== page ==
May 13, 2009

Part-Time Hustlers

This is a repost from a blog I follow and love, A belle in Brooklyn. The idea of a side piece, mistress, whatever you wanna call it - has been around since the beginning of time. I think Belle does an awesome job of looking at it from a different perspective. Take a look and feel free to see the original post here.

Part-time Hustlers

As you might know, I'm obsessed with HBO. Any movie that comes on and almost any dramatic series produced (except Deadwood), I'll watch just because I know it'll be good. It's not TV. It's HBO.

So I'm watching re-runs of House of Sadam and it's at the part where after like 25 years of marriage, Sadam decides to take on a second "wife." Not sure how official she is, but she's not boss lady, doesn't produce an heir, and no one really respects her. But she does get to pal around with the fearless leader, spend his dough and have all access to fly ish and sex.

When all the shit hits the fan and the Americans invade Iraq, the wife gives up her house and has to flee in the night. She gets out the country with a bankroll, but worries constantly that people are looking for the family and because their money was ill-gotten if it will be seized. The second wife/side chick? She doesn't have Sadam (neither does wife 1), but she does have a bankroll of her own, no one to answer to and she aint worried about a thing. She's safe and off everybody's radar.

I noted a similar set-up during my re-read of The Coldest Winter Ever. When Papa Santiaga gets popped, the feds seize the family house, the cars, the money, essentially everything. The family's broken up and of the six members only 2 end up okay. But the side piece is chillin. She has dough and no headache. Her man is gone but she's 22 and pretty. She'll be just fine.

So this got me to thinking about the benefits of the side piece. And when I say SP, I don't mean a jump off, I mean a mistress type. And before anyone goes crazy, I don't advocate for taking this position (if for no other reason than karma, to avoid drama, and its a slippery slope to heartache and headache), but a lot of women happily play that position. A lot. So I just want to examine why.

Here's the deal. Often when we think of the other woman, we think of some unfortunate chick who couldn't get a man of her own. We're told we should want a whole man, to be the only one because that's what any self-respecting woman should want. But I'm thinking there's more to the side-piece phenomenon than a woman with low self esteem. Maybe what we Belle readers (because we're all super self-respecting and would never, ever settle for any man... Insert sarcasm now) call a whore, is really a smart chick who figured out how to get the benefits of a relationship without the obligations of one.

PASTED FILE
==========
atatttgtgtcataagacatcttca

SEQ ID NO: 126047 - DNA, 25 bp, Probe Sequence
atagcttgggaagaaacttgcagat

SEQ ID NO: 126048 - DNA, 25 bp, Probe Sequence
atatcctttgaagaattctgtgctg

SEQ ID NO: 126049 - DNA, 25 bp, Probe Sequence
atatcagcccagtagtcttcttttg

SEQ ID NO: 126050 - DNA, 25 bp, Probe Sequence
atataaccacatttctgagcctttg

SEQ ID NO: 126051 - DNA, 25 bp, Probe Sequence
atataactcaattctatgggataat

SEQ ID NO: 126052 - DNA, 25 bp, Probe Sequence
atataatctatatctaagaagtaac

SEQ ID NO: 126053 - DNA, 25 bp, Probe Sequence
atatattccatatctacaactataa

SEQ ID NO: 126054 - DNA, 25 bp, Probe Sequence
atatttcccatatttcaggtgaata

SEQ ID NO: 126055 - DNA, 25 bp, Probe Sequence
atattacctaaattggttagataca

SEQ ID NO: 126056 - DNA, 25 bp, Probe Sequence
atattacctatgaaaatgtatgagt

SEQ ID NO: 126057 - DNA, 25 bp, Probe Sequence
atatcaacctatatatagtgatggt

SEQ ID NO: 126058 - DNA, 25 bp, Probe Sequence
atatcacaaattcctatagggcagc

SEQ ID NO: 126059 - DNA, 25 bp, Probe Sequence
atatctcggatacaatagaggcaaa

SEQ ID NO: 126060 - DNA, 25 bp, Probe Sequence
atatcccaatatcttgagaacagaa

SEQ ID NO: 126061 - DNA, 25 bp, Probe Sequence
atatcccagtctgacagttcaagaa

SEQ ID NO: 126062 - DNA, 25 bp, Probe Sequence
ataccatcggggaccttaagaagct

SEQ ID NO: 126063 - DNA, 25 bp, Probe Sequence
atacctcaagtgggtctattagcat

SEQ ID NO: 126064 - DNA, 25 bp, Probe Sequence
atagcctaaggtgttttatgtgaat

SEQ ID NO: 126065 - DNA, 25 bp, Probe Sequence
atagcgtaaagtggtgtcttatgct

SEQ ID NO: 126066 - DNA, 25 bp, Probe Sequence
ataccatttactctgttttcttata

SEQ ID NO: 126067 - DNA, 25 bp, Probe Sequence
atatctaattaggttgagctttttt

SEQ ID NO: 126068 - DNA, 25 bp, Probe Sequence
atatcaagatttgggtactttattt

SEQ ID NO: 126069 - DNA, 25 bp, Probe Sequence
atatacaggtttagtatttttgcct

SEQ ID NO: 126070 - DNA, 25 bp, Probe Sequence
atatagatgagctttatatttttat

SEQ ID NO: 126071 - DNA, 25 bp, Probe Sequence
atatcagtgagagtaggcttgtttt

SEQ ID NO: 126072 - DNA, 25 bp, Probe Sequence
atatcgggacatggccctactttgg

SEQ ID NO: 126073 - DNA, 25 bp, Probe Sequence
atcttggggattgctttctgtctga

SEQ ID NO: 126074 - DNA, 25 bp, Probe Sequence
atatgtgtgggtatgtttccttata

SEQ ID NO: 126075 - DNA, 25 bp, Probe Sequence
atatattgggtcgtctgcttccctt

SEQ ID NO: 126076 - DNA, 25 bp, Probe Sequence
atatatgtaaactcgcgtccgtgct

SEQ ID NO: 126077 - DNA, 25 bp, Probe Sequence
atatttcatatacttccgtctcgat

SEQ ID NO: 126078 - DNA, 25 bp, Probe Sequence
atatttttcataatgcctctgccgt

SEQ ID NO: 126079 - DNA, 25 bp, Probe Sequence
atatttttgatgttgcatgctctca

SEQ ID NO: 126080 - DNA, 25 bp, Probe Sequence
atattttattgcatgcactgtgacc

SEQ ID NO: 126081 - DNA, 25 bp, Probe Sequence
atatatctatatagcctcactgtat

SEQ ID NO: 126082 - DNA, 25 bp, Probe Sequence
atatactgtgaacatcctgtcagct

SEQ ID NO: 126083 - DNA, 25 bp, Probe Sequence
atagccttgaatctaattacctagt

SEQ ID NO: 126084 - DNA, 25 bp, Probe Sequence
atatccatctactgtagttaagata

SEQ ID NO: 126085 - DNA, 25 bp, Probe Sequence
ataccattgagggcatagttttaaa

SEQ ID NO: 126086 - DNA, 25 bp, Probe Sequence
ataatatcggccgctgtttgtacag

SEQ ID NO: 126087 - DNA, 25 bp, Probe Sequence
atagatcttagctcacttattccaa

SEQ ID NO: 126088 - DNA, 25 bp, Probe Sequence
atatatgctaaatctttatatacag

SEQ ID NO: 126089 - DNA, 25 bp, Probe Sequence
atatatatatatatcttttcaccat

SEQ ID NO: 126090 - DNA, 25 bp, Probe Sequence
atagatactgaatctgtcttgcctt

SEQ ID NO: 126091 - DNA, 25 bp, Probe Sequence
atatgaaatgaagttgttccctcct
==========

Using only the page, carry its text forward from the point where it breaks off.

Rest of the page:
Ride with for a few minutes more. I'm going somewhere with this.

I was watching Grey Gardens a couple weekends back (still can't get a blog going on that. It brought up a lot of ish and I'm way late on it now) and there's a scene with Little Edie explaining to her married suitor why she only dates married men: she wants to be an actress and he'll let her work, ie she can have his company when he can spare it one night per week and she gets the freedom, unlike a wife, to do as she pleases

Like Chris Rock's take on OJ's alleged killing spree, 'I don't condone it, but I understand.' Being the side hustle works well for a particular segment of women who aren't so worried about having kids and families. This position doesn't give you full benefits, of course (part-time work generally doesn't), but there are some. Like actresses who bartend or waitress so they can free up their schedule at a moments notice to go for an audition, the side hustle has its perks. And side work, when managed properly, can come without a full day's headaches.

Let's be clear: sometimes a relationship is a headache or mind-numbingly mundane. (I can make a good argument that good relationships should be relatively boring. Excitement typically comes with a degree of drama, which is bad for stability.) Relationships also mean a degree of obligation— putting out when you don't feel like it, attending events you rather die than sit through, listening to conversations about feelings and other yawn-inducing topics that bore you almost to death. You like have to answer the phone, have to call back in a timely manner, have to check-in, not because you're a child, but out of respect for your partner. You have to communicate constantly, you have to compromise, you have to be considerate, you have to put the "we" before the "I." And frankly, all that can be taxing. I get how a self-respecting woman would say 'no thank you' and just stick around for the good parts.

Sure a side-piece has it's lows. You're not committed (or if you have sense, you shouldn't be) and neither is he to you. You can get laid off with no notice since there's no contract (only a marriage lisence is binding really), but you can also legitimately carry more than one "job" to protect yourself against an untimely firing.Yeah, you'll probably spend holidays alone and it's doubtful anyone's coming by to nurse you back to health when you're sick. But that's kinda the worst of it.

And is that such a bad trade-off for freedom if that's what you ultimately want?

Like I said, I don't condone it, but I get it.

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